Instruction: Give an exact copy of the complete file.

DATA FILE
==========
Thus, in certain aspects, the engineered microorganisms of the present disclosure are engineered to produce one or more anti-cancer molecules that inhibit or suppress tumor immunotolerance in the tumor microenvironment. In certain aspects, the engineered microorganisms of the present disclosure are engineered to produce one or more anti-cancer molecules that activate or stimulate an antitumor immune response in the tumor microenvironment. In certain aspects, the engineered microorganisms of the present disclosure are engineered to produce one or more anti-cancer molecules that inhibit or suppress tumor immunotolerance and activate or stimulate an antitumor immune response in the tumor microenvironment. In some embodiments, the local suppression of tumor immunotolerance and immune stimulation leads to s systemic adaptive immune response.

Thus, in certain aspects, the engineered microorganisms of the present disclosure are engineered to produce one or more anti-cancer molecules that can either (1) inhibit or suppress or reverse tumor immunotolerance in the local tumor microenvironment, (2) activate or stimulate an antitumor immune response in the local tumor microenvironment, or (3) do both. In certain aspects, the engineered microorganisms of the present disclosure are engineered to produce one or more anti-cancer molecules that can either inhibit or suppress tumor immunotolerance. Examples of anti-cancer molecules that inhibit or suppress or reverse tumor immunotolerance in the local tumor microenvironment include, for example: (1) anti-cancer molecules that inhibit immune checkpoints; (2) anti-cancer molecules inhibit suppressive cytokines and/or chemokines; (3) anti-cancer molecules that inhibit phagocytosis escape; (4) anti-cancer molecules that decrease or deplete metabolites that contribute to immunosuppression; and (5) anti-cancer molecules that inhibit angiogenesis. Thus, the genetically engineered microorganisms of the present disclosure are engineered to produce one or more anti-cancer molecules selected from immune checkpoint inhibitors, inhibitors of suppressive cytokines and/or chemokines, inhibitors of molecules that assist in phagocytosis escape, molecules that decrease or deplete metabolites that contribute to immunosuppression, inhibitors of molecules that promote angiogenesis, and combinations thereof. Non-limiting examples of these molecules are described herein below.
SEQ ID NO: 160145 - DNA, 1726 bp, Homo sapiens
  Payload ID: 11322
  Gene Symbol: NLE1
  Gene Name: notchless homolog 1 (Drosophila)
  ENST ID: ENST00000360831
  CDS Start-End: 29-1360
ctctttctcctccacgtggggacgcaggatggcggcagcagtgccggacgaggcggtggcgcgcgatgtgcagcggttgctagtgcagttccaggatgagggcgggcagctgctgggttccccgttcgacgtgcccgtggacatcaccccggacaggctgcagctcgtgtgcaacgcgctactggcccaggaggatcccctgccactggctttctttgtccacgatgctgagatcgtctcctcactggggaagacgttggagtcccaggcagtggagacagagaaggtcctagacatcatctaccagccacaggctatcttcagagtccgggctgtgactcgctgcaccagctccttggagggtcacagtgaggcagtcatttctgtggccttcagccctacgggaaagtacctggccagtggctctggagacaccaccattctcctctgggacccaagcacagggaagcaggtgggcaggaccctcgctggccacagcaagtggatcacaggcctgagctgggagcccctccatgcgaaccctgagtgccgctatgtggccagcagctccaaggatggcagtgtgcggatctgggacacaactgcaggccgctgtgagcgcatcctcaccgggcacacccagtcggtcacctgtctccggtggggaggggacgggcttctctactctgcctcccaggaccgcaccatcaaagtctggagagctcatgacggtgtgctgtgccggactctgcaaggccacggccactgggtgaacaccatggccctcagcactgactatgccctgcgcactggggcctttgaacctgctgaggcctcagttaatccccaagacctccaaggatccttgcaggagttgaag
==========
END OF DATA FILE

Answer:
Thus, in certain aspects, the engineered microorganisms of the present disclosure are engineered to produce one or more anti-cancer molecules that inhibit or suppress tumor immunotolerance in the tumor microenvironment. In certain aspects, the engineered microorganisms of the present disclosure are engineered to produce one or more anti-cancer molecules that activate or stimulate an antitumor immune response in the tumor microenvironment. In certain aspects, the engineered microorganisms of the present disclosure are engineered to produce one or more anti-cancer molecules that inhibit or suppress tumor immunotolerance and activate or stimulate an antitumor immune response in the tumor microenvironment. In some embodiments, the local suppression of tumor immunotolerance and immune stimulation leads to s systemic adaptive immune response.

Thus, in certain aspects, the engineered microorganisms of the present disclosure are engineered to produce one or more anti-cancer molecules that can either (1) inhibit or suppress or reverse tumor immunotolerance in the local tumor microenvironment, (2) activate or stimulate an antitumor immune response in the local tumor microenvironment, or (3) do both. In certain aspects, the engineered microorganisms of the present disclosure are engineered to produce one or more anti-cancer molecules that can either inhibit or suppress tumor immunotolerance. Examples of anti-cancer molecules that inhibit or suppress or reverse tumor immunotolerance in the local tumor microenvironment include, for example: (1) anti-cancer molecules that inhibit immune checkpoints; (2) anti-cancer molecules inhibit suppressive cytokines and/or chemokines; (3) anti-cancer molecules that inhibit phagocytosis escape; (4) anti-cancer molecules that decrease or deplete metabolites that contribute to immunosuppression; and (5) anti-cancer molecules that inhibit angiogenesis. Thus, the genetically engineered microorganisms of the present disclosure are engineered to produce one or more anti-cancer molecules selected from immune checkpoint inhibitors, inhibitors of suppressive cytokines and/or chemokines, inhibitors of molecules that assist in phagocytosis escape, molecules that decrease or deplete metabolites that contribute to immunosuppression, inhibitors of molecules that promote angiogenesis, and combinations thereof. Non-limiting examples of these molecules are described herein below.
SEQ ID NO: 160145 - DNA, 1726 bp, Homo sapiens
  Payload ID: 11322
  Gene Symbol: NLE1
  Gene Name: notchless homolog 1 (Drosophila)
  ENST ID: ENST00000360831
  CDS Start-End: 29-1360
ctctttctcctccacgtggggacgcaggatggcggcagcagtgccggacgaggcggtggcgcgcgatgtgcagcggttgctagtgcagttccaggatgagggcgggcagctgctgggttccccgttcgacgtgcccgtggacatcaccccggacaggctgcagctcgtgtgcaacgcgctactggcccaggaggatcccctgccactggctttctttgtccacgatgctgagatcgtctcctcactggggaagacgttggagtcccaggcagtggagacagagaaggtcctagacatcatctaccagccacaggctatcttcagagtccgggctgtgactcgctgcaccagctccttggagggtcacagtgaggcagtcatttctgtggccttcagccctacgggaaagtacctggccagtggctctggagacaccaccattctcctctgggacccaagcacagggaagcaggtgggcaggaccctcgctggccacagcaagtggatcacaggcctgagctgggagcccctccatgcgaaccctgagtgccgctatgtggccagcagctccaaggatggcagtgtgcggatctgggacacaactgcaggccgctgtgagcgcatcctcaccgggcacacccagtcggtcacctgtctccggtggggaggggacgggcttctctactctgcctcccaggaccgcaccatcaaagtctggagagctcatgacggtgtgctgtgccggactctgcaaggccacggccactgggtgaacaccatggccctcagcactgactatgccctgcgcactggggcctttgaacctgctgaggcctcagttaatccccaagacctccaaggatccttgcaggagttgaag